Child Custody - Modification

 

The term “Custody Modification” is basically a misnomer. The things that are actually established by a final order and for which a modification is generally sought are Conservatorship, Possession of, and/or Access to a child.

Any order involving the Conservatorship, Possession of, or Access to a child is subject to modification by the court. Because of a concept known as Continuing Jurisdiction, unless the child’s residency has been changed since the order, the court that entered the prior order is the only court with jurisdiction to hear the modification. As with any matters involving children, the standard to be used by the court is that known as the Best Interest of the Child.

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Any order involving the Conservatorship, Possession of, or Access to a child is subject to modification by the court. Because of a concept known as Continuing Jurisdiction, unless the child’s residency has been changed since the order, the court that entered the prior order is the only court with jurisdiction to hear the modification. As with any matters involving children, the standard to be used by the court is that known as the Best Interest of the Child.

Unless the parent with the right to determine residency voluntarily relinquishes the primary care and possession of a child to another person for over six months, or the child is over 12 years of age, in order to be eligible to maintain a modification action, the petitioner needs to plead and prove that the circumstances of the child, a conservator, or other party affected by the order have materially and substantially changed since the prior order or mediated or collaborative settlement agreement.

 

If a child is 12 years of age or over, the child can be allowed to voice his/her choice of parent who they wish to reside with and the prior order can be modified without the necessity of a ‘substantial and material change” in circumstances.

Once a modification action is filed, the court may render temporary orders, however, there are limits. While a suit for modification is pending, the court may not render a temporary order that has the effect of changing the designation of the person who has the exclusive right to designate the primary residence of the child under the final order unless:

 

One

The order is necessary because the child’s present living environment may endanger the child’s physical health or significantly impair the child’s emotional development;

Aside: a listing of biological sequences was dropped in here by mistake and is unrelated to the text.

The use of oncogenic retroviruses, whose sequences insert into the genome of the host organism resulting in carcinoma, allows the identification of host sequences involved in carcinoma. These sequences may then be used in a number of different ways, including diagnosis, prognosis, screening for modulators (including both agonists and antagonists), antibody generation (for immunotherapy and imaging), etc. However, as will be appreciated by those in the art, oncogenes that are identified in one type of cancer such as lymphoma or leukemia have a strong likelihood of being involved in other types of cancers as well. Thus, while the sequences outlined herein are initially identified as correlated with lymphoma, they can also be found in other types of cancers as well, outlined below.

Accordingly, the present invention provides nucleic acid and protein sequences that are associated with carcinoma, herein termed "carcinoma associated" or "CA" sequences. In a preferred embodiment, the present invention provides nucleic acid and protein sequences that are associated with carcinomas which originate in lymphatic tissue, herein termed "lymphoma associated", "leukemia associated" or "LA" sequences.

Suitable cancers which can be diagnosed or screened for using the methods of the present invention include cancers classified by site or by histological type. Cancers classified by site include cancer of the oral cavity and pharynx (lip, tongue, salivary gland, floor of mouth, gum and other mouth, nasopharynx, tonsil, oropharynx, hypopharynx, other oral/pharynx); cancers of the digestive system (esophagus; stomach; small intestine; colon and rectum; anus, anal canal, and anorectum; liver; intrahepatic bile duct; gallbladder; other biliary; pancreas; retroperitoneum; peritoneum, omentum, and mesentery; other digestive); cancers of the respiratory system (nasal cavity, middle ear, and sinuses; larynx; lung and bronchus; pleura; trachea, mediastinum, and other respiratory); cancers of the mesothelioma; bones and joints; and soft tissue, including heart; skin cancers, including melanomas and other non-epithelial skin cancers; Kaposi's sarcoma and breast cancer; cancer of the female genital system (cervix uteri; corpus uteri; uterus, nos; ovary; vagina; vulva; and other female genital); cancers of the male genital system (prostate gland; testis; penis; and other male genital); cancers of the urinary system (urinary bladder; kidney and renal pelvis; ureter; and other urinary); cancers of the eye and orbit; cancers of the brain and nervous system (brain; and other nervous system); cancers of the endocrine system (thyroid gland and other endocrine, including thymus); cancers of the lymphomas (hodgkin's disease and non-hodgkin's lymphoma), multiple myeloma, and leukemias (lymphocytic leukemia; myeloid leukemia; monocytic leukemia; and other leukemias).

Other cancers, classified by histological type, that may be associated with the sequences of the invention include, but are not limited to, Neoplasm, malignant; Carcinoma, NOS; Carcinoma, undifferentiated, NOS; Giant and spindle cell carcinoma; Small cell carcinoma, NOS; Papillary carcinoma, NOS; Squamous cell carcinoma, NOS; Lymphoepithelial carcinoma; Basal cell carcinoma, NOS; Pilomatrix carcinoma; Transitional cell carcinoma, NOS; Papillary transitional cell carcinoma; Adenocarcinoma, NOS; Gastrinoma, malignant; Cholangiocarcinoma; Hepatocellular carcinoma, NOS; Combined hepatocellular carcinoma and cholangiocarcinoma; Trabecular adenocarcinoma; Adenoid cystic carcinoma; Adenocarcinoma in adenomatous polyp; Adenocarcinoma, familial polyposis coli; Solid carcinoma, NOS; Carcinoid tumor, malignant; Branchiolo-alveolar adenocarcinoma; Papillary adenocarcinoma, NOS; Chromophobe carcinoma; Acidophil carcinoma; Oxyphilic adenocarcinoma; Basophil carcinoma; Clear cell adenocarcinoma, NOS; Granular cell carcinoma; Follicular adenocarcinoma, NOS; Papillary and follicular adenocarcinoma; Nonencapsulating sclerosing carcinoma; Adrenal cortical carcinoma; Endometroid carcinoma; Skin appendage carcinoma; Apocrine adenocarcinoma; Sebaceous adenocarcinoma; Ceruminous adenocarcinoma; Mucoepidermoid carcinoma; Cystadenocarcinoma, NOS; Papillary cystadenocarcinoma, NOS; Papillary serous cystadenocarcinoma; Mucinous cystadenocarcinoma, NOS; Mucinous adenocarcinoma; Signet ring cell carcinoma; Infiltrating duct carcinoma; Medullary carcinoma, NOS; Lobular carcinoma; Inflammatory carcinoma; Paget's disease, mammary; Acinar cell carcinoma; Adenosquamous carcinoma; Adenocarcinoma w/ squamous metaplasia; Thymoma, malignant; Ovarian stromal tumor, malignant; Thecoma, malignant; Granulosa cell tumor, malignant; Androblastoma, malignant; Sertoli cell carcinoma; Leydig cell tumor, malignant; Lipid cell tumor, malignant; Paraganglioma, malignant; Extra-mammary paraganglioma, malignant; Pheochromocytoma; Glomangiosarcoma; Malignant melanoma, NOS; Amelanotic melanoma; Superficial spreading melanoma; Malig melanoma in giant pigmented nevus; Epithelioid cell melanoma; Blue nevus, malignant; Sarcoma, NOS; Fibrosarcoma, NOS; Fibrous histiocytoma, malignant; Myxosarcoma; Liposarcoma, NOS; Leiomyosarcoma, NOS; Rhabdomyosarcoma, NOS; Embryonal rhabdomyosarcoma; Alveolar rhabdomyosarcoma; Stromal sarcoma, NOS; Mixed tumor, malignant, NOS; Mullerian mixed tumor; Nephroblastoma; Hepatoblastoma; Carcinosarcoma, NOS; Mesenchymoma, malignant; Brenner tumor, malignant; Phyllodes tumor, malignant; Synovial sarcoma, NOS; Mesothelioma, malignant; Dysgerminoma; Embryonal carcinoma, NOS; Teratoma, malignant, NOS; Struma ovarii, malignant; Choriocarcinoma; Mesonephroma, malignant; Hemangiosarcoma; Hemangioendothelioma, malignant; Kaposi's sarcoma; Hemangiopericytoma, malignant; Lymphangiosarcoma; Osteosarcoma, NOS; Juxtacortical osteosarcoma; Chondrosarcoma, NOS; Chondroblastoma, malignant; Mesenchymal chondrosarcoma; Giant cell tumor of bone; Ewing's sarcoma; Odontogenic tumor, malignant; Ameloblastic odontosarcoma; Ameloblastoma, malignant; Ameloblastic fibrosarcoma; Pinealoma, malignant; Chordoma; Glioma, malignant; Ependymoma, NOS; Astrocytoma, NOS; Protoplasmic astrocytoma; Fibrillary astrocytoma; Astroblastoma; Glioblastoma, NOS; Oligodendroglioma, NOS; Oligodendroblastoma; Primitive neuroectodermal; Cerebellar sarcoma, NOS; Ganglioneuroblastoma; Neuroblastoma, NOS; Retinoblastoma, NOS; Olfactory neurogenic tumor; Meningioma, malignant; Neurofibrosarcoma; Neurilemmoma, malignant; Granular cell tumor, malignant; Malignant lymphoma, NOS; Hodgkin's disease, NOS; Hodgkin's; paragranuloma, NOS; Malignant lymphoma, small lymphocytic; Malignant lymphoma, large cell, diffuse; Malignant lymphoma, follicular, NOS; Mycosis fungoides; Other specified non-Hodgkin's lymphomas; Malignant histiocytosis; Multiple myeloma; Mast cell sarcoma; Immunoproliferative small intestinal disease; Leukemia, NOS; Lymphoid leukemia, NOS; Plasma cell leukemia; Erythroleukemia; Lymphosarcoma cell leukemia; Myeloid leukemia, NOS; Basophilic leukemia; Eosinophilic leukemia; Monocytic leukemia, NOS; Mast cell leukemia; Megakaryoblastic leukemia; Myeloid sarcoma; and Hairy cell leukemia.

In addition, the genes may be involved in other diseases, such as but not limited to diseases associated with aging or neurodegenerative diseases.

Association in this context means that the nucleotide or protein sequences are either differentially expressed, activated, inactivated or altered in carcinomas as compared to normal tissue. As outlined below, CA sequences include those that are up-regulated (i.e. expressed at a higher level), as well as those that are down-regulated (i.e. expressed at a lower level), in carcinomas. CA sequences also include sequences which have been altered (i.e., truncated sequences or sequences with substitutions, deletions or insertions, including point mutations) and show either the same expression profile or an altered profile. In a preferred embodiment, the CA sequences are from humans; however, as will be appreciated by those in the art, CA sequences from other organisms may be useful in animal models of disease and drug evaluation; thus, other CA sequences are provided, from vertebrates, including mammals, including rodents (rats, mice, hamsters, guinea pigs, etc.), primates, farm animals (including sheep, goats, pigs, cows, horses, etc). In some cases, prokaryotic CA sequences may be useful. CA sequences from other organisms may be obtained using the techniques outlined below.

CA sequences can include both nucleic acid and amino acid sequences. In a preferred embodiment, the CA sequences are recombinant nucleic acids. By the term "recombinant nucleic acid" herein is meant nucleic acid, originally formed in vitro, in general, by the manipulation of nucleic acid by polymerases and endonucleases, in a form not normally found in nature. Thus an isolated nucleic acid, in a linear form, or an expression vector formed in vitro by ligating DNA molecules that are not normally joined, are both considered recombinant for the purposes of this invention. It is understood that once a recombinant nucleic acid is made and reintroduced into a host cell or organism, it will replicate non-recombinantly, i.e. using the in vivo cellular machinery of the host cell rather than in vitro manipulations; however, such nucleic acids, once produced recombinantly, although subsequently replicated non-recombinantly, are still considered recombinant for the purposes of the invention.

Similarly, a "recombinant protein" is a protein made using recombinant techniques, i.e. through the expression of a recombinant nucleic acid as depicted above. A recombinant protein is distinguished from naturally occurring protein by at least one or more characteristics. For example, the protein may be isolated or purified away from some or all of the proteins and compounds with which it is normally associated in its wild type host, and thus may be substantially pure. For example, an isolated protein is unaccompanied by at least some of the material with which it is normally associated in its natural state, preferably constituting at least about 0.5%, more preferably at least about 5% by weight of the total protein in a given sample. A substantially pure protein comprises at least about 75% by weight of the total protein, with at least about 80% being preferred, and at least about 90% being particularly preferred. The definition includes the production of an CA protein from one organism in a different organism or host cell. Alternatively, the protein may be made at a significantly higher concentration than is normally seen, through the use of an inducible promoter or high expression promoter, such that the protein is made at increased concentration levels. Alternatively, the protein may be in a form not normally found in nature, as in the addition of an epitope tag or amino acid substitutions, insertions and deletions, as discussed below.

Two

The person designated in the final order has voluntarily relinquished the primary care and possession of the child for more than six months and the temporary order is in the best interest of the child; or

Three

The child is 12 years of age or older and notified the court of the person who is the child’s preference to have the exclusive right to designate the primary residence of the child and the temporary order designating that person is in the best interest of the child.


 

If the final order sought to be modified was based upon a mediated or collaborative law settlement agreement, there are special rules which govern the situation. If the motion to modify is filed prior to one year after the signing of the settlement agreement, the petitioner must execute and attach an affidavit either:

(1) that the child’s present environment may endanger the child’s physical health or significantly impair the child’s emotional development;

(2) that the person who has the exclusive right to designate the primary residence of the child is the person seeking or consenting to the modification and the modification is in the best interest of the child; or

(3) that the person who has the exclusive right to designate the primary residence of the child has voluntarily relinquished the primary care and possession of the child for at least six months and the modification is in the best interest of the child.

Seeking or defending a modification of Conservatorship, Possession, or Access can be a complicated and involved process. Conducted properly, it generally involves at least the contemplation of an enormous amount of discovery. Competent and creative legal assistance is necessary in order to successfully navigate through a modification action.

As with any case, it is also important to have an attorney familiar with the court and judge for whom you we be before, so whether it is Tarrant County, Hood County, Johnson County, Somervell County, Erath County, or Parker County you can have confidence to know that our office handles a multitude of cases in these courts.